The channels which most exceeded their captioning requirements include the Cartoon Network, the Disney Channel, ESPN, Fox News and Foxtel movie channels
The report found that some channels failed to meet captioning requirements. Three licensees, Fetch TV, Fox Sports Venues and Optus Vision Media, failed to provide captioning on some channels, submitting to the ACMA that they were unable to do so. Fetch TV and Fox Sports Venues have now ceased to provide the channels in question, while Optus Vision Media has been granted a captioning exemption order for the Ovation channel.
Five licence holders were found to be in breach for failing to provide captions on the high definition (HD) simulcasts of ESPN programs which were captioned for standard definition (SD) broadcast. A technical solution to this problem was introduced in October 2013.
The remaining breaches were for repeat programs which were not captioned, including repeats on Fox sports channels and Fuel TV which were initially broadcast with live captions. Fox Sports Australia has told the ACMA that it is working on a technical solution to this issue which should be implemented in July 2014.
“Overall, this is a terrific result,” said Chris Mikul, Media Access Australia’s project manager for television. “It mirrors the situation in the UK where many subscription channels provide far more captioning than they have to, and demonstrates the importance of having rigorous reporting requirements.”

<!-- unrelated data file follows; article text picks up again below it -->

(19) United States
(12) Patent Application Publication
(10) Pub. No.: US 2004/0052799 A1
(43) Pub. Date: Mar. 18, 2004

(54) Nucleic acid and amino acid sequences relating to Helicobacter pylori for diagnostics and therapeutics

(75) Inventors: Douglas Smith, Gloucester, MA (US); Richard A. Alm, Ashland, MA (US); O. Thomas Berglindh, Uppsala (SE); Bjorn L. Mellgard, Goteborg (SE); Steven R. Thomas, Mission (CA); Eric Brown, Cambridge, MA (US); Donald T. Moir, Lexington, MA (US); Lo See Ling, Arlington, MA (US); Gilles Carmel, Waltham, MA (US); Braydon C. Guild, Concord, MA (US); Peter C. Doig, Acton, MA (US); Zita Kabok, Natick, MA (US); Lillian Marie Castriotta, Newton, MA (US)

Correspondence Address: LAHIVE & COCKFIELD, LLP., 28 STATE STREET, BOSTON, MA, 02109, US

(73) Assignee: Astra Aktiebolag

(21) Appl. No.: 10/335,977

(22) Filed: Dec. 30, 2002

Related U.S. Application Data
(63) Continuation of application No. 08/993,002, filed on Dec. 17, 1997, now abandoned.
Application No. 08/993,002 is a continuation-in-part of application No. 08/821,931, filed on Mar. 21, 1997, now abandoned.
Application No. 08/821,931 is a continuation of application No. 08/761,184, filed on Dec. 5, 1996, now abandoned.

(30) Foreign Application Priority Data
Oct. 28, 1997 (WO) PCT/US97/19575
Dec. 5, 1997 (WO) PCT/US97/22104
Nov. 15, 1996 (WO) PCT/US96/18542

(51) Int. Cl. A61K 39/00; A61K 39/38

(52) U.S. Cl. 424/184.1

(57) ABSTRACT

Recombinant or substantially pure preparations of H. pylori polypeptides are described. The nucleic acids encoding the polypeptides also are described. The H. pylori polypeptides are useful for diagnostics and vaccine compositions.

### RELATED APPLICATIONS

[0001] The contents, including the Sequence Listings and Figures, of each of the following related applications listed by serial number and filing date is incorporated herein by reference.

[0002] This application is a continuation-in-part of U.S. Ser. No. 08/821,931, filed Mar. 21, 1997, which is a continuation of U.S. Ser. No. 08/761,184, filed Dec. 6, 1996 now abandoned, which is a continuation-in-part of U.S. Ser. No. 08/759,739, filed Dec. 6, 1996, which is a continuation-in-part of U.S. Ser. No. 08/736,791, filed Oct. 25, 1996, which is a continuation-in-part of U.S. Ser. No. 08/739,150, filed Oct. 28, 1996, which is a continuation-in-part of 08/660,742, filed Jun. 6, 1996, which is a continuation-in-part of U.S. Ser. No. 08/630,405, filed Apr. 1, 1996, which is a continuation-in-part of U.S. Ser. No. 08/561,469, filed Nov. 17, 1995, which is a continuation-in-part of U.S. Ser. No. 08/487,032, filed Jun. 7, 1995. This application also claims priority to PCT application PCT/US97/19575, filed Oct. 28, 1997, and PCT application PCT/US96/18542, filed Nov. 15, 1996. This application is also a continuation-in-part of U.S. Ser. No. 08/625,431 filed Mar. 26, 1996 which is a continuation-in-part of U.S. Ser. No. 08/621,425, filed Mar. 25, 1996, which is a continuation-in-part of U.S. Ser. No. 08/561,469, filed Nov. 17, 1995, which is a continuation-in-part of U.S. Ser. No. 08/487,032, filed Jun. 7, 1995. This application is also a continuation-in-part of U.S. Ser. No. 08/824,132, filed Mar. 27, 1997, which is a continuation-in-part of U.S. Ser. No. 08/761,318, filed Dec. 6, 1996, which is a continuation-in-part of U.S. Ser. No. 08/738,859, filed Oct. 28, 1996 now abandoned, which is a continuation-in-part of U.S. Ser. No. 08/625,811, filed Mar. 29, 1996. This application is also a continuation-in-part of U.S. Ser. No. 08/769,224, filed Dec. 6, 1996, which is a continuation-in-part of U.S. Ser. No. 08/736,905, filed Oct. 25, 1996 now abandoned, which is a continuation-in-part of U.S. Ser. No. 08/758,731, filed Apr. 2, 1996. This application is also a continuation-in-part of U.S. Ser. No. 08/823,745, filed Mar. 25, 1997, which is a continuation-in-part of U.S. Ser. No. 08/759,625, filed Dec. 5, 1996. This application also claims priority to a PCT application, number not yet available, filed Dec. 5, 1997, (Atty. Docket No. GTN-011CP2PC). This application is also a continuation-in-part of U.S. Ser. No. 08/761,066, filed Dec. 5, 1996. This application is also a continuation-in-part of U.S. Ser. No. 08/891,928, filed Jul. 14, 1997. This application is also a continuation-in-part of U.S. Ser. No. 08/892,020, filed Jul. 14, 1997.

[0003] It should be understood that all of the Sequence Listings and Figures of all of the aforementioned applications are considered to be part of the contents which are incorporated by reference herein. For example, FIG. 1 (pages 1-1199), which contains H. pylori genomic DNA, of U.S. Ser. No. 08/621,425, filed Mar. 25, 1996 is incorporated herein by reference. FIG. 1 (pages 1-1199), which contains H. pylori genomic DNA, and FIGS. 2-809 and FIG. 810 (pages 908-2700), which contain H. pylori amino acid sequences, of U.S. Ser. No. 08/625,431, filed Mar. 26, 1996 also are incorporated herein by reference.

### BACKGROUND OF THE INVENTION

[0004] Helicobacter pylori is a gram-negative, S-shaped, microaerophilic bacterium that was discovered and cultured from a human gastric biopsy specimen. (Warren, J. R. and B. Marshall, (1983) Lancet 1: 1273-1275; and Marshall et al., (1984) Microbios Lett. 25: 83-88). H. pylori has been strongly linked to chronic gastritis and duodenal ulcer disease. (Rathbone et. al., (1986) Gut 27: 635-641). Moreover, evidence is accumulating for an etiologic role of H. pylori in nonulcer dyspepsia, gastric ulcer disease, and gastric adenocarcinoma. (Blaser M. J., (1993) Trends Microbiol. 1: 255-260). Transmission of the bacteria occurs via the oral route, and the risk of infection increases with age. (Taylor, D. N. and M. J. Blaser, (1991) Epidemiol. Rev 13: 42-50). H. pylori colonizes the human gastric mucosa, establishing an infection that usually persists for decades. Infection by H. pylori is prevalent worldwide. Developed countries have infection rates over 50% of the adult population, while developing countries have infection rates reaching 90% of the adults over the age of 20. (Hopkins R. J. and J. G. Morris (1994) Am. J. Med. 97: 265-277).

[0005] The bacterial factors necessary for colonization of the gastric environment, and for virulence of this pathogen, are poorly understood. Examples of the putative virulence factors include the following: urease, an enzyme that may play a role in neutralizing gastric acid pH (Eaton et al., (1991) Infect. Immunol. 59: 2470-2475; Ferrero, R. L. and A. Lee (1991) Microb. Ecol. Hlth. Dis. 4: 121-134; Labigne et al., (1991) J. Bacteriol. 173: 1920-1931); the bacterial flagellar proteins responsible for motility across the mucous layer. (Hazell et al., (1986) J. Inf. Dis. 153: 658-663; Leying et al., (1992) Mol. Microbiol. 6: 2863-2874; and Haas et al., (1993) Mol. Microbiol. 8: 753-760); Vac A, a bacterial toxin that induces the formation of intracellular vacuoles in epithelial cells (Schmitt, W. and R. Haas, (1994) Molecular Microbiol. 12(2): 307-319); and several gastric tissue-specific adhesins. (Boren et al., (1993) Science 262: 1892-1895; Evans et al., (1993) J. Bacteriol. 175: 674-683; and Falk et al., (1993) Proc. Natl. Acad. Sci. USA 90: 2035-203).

Amendments to the Broadcasting Services Act in 2012 introduced caption quotas for subscription TV. A certain number of channels in each genre must be captioned, with the caption targets varying according to the genre. Under these rules, service providers like Foxtel can decide which of their channels will fulfil these quotas, but they do not have to report on this until the end of each financial year. Media Access Australia has argued that quotas should be announced before the reporting period, so that consumers will know how much captioning they can expect on each channel.
While Media Access Australia welcomes the publication of the first compliance report, we note that it comes almost a year after the 12-month reporting period ended.
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